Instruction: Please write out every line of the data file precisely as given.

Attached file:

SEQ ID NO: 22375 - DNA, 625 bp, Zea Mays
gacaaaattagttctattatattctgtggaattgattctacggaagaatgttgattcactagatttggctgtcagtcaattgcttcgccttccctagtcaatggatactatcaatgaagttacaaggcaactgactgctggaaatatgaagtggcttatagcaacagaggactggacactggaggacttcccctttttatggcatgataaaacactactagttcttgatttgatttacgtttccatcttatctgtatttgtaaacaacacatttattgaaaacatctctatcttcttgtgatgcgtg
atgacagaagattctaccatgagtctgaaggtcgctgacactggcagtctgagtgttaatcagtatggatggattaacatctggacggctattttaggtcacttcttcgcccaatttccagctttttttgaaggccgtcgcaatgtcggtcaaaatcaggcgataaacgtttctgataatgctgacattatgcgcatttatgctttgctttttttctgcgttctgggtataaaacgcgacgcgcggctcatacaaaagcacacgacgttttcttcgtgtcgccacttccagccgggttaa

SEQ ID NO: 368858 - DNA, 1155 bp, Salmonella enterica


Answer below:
SEQ ID NO: 22375 - DNA, 625 bp, Zea Mays
gacaaaattagttctattatattctgtggaattgattctacggaagaatgttgattcactagatttggctgtcagtcaattgcttcgccttccctagtcaatggatactatcaatgaagttacaaggcaactgactgctggaaatatgaagtggcttatagcaacagaggactggacactggaggacttcccctttttatggcatgataaaacactactagttcttgatttgatttacgtttccatcttatctgtatttgtaaacaacacatttattgaaaacatctctatcttcttgtgatgcgtg
atgacagaagattctaccatgagtctgaaggtcgctgacactggcagtctgagtgttaatcagtatggatggattaacatctggacggctattttaggtcacttcttcgcccaatttccagctttttttgaaggccgtcgcaatgtcggtcaaaatcaggcgataaacgtttctgataatgctgacattatgcgcatttatgctttgctttttttctgcgttctgggtataaaacgcgacgcgcggctcatacaaaagcacacgacgttttcttcgtgtcgccacttccagccgggttaa

SEQ ID NO: 368858 - DNA, 1155 bp, Salmonella enterica